Autism involves whole brain
Too much information can be
September 19, 2006
When Ethan Meeder doesn't follow
directions at school, it's not because he's stubborn.
The 13-year-old seventh-grader
from the Pittsburgh area has a brain that shuts down when he has
to process too much at one time.
For example, last spring Meeder's
teacher gave him four commands, one right after the other. "He
just melted down," says his mom, Cindy Meeder.
Ethan has an average IQ, yet he
has trouble with things that most of us take for granted, such
as following directions. "He tests like he should be able to do
these things, but he can't," Cindy Meeder says.
Ethan has autism, an incurable
brain disorder that affects about 300,000 school-age children in
the United States, according to Los Angeles-based Cure Autism
Scientific studies out in July and
August have helped increase scientists' understanding of how
autism affects the brain. The studies fit with other research
that suggests that autism is not limited to a few brain regions
as once thought, but instead is a global disorder that affects
reasoning, memory, balance, multi-tasking and other skills.
In the past, scientists believed
autism was confined to the brain areas that controlled social
interaction, language and behavior. But the new findings
indicate that autism affects many parts of the brain and
possibly the wiring that connects one brain region to another.
While some kids with autism are
mentally retarded, University of Pittsburgh researcher Nancy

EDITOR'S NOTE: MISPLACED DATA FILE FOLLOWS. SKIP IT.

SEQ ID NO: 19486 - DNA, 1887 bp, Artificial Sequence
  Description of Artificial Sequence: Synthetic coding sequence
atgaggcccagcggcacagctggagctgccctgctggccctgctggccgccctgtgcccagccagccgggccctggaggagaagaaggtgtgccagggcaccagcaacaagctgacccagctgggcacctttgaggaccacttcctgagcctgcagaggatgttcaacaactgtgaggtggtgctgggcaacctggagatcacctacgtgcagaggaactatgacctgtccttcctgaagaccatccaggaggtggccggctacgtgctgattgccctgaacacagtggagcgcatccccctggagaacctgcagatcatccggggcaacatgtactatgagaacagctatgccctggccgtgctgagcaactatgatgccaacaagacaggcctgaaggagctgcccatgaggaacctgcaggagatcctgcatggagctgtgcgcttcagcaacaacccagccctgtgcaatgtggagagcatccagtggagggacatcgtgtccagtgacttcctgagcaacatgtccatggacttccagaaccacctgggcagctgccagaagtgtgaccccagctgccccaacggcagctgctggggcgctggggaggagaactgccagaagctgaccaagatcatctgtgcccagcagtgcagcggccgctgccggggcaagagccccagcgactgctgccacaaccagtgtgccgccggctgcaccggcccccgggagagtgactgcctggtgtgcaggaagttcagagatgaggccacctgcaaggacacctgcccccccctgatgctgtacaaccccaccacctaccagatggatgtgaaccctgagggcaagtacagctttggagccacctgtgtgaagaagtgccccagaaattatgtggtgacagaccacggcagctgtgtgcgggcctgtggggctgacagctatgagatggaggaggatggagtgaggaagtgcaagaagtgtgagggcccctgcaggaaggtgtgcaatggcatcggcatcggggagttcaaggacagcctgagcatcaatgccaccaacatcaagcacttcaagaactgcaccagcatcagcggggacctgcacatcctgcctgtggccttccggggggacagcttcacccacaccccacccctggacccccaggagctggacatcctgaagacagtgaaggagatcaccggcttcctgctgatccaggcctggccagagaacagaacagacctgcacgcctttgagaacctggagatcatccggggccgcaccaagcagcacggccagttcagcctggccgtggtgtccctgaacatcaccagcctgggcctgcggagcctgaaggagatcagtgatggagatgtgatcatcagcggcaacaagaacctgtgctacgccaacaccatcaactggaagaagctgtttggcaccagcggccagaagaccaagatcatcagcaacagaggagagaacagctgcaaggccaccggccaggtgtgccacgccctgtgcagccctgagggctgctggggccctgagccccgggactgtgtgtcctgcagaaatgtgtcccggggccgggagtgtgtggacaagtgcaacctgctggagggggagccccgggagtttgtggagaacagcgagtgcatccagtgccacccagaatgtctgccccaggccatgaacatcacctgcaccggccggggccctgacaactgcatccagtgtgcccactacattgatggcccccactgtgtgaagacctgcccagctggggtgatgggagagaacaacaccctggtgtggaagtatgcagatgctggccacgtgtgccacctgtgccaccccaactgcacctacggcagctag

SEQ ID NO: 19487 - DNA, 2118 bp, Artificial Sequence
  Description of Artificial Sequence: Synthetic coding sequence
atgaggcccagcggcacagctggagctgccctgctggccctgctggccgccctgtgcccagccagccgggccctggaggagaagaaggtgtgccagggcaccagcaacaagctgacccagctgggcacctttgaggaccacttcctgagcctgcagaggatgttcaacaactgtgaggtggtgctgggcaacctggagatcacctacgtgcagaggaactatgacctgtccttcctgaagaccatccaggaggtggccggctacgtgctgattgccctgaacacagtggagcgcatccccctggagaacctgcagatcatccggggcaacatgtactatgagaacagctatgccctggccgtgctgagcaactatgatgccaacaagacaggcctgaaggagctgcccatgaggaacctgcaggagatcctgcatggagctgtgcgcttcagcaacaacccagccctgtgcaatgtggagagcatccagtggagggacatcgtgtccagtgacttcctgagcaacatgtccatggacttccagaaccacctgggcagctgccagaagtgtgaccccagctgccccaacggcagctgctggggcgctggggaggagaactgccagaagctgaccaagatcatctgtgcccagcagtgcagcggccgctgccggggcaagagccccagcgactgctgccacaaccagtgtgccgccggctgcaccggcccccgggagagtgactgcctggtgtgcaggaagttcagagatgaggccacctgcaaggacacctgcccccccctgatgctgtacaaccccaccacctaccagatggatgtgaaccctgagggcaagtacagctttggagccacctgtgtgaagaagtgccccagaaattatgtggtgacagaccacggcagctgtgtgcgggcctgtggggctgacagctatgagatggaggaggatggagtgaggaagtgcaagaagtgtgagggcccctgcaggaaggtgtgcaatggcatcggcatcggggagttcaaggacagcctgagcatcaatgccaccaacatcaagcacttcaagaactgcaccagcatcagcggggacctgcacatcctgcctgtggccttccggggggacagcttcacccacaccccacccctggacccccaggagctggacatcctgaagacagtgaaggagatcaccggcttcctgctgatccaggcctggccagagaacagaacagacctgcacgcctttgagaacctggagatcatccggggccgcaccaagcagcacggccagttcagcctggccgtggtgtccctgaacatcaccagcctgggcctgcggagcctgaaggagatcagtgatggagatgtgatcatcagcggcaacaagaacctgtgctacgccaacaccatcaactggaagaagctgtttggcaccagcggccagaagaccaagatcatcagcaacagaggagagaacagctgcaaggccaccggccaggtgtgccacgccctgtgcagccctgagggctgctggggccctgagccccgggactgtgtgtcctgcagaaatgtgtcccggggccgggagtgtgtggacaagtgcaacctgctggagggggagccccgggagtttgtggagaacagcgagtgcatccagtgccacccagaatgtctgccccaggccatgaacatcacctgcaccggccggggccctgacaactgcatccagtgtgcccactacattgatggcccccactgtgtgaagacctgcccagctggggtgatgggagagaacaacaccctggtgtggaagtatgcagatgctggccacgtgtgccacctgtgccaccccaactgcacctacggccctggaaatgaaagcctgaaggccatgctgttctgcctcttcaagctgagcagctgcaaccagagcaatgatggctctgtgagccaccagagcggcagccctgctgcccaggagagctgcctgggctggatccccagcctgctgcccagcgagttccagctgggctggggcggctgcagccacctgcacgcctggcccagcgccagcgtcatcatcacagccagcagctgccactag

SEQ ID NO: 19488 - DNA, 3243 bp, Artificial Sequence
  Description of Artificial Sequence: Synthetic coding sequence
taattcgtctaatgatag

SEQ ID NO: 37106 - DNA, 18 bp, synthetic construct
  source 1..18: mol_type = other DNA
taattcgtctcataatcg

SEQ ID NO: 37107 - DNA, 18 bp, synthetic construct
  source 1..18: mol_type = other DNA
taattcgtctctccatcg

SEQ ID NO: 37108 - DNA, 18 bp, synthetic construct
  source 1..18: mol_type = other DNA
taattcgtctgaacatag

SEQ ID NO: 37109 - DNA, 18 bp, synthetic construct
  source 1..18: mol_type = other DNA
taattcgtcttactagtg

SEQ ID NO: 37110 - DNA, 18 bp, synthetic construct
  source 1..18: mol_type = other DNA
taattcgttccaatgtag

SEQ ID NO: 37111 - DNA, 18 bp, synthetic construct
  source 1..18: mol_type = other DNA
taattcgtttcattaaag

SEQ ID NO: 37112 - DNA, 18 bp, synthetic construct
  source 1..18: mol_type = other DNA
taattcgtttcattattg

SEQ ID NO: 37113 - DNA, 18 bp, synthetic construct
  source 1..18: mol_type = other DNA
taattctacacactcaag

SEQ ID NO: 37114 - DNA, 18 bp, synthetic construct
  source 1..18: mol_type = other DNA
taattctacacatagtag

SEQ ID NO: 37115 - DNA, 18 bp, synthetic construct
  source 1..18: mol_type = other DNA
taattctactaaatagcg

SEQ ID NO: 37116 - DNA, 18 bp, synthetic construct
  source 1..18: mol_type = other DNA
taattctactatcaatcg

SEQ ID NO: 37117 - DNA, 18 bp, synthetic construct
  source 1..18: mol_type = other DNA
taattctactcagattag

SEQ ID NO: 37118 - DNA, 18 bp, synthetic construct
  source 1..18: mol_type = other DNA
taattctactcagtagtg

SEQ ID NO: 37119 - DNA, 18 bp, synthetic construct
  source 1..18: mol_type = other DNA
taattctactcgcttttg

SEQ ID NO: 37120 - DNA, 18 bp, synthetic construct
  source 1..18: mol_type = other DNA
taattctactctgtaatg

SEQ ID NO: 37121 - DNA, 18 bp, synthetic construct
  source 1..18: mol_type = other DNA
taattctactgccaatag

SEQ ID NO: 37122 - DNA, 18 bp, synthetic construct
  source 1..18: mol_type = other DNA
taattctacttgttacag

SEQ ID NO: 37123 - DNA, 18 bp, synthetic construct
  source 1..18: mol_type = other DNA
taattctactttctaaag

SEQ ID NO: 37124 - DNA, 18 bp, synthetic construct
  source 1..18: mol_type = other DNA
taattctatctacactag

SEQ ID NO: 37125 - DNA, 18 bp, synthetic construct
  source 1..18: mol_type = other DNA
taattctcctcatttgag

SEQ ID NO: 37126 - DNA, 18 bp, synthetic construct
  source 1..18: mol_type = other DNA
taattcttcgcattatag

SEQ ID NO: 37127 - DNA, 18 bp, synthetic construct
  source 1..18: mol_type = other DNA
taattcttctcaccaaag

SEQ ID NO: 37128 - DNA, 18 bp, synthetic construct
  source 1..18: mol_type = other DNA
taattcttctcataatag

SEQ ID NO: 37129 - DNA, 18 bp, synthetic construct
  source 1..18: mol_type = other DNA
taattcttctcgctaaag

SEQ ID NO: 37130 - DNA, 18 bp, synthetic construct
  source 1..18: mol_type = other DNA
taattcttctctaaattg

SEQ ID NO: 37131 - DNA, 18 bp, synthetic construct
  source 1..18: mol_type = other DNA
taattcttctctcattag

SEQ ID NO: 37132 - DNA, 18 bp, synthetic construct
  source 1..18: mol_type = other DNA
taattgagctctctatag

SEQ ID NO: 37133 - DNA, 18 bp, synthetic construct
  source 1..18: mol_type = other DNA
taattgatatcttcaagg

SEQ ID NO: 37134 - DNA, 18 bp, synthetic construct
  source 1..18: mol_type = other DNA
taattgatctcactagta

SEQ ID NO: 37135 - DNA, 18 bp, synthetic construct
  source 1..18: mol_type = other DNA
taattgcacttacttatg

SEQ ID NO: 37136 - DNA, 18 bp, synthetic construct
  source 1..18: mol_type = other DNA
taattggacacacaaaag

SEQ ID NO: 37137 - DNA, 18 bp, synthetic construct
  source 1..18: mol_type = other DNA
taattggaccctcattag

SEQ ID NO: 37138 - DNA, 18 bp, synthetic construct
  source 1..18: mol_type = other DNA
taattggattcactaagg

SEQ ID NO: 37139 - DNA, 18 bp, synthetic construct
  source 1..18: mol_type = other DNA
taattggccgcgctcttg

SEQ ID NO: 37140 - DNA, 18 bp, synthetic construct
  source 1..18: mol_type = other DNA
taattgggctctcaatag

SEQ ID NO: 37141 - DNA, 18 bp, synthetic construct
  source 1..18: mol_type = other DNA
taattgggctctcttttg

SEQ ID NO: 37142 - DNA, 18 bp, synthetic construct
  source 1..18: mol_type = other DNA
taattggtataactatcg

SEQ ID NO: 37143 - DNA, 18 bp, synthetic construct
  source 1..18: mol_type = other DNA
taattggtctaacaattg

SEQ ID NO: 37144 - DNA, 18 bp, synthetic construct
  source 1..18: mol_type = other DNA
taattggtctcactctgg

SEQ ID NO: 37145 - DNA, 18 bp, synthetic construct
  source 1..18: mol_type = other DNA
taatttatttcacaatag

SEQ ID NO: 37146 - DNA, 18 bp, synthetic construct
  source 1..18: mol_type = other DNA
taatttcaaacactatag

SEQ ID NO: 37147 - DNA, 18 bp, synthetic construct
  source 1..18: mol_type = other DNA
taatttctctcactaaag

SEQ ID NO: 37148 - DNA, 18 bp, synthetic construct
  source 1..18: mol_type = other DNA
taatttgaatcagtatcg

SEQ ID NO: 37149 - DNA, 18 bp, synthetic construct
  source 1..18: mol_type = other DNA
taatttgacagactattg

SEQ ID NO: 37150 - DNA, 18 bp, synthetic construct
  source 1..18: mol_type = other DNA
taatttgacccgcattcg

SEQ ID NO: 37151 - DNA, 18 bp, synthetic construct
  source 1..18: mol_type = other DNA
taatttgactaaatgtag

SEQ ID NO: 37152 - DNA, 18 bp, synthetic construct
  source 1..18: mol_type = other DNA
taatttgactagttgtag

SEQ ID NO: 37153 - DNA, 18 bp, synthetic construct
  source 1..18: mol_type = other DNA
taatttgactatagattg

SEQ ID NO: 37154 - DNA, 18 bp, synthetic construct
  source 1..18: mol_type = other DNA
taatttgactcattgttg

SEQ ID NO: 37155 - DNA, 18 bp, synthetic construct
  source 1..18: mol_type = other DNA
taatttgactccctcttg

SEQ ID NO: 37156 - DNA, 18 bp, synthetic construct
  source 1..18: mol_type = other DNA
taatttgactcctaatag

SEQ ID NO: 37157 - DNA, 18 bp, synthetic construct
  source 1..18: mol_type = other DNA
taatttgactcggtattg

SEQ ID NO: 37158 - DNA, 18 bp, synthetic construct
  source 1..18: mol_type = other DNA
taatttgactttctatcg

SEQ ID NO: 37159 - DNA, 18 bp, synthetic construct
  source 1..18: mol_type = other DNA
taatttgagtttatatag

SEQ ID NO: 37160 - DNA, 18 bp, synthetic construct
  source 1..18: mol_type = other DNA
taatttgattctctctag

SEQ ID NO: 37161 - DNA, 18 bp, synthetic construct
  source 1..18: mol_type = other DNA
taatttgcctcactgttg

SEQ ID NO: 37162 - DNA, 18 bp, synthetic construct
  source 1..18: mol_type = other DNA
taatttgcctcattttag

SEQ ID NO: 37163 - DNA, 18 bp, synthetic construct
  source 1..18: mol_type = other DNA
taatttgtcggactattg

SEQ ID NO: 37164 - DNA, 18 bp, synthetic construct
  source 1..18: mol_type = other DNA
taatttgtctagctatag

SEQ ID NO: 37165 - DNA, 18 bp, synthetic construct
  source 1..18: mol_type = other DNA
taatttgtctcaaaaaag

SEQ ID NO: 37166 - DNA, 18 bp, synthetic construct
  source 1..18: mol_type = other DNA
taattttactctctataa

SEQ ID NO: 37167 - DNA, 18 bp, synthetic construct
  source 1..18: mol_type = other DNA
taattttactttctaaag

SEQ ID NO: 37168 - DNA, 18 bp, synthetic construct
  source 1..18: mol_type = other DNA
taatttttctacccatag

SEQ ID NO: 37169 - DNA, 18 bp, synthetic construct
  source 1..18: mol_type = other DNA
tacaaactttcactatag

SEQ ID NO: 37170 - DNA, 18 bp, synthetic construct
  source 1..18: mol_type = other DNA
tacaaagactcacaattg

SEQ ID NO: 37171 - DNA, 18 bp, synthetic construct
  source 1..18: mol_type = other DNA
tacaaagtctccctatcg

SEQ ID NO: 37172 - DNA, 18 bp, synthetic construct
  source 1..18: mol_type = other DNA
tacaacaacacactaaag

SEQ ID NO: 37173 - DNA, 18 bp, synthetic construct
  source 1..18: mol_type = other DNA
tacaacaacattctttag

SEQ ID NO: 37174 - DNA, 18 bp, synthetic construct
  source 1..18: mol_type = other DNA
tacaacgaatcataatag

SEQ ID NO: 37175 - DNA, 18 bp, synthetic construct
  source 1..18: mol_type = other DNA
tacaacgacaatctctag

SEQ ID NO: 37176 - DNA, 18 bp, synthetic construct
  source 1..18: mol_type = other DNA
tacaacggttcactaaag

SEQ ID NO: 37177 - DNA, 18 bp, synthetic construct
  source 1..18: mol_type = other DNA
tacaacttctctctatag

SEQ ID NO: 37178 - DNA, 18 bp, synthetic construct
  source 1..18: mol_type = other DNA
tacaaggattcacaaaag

Minshew and colleagues studied 56 children with autism who had
an IQ of at least 80, close to the average IQ of 100.
The Pittsburgh team gave the kids
a battery of tests that assessed memory, attention and other
skills. The team found that those with autism had no trouble
with basic tasks involving spelling and grammar.
But the study did find that kids
with autism faltered when asked to do more complex tasks. So
while they're good at details, they have trouble piecing words
together to get the meaning of an entire paragraph or story.
They also had difficulty
understanding figures of speech such as idioms and metaphors. If
you tell a child with autism to "hop to it," they might
literally start to hop around the room, Minshew says.
The study, which appears in the
August issue of Child Neuropsychology, suggests that kids with
autism have trouble processing lots of complex information. When
a teacher or parent gives a series of rapid-fire commands, the
kid with autism might get confused and then freeze, Minshew
A second study suggests a
biological explanation for the difficulty: A study published
online in the journal Cerebral Cortex indicates that the corpus
callosum, which connects one part of the brain to another, may
be abnormal in autism. In this study, people with autism were
asked to complete a computer task that requires two parts of the
brain to work together.
Brain scans showed that people
with autism relied mostly on one brain area to solve the
computer puzzle, says Marcel Just, the lead author of the study
and director of the Center for Cognitive Brain Imaging at
Carnegie Mellon University. The findings suggest that people
with autism don't have an efficient way to transfer information
from one brain region to another, he says.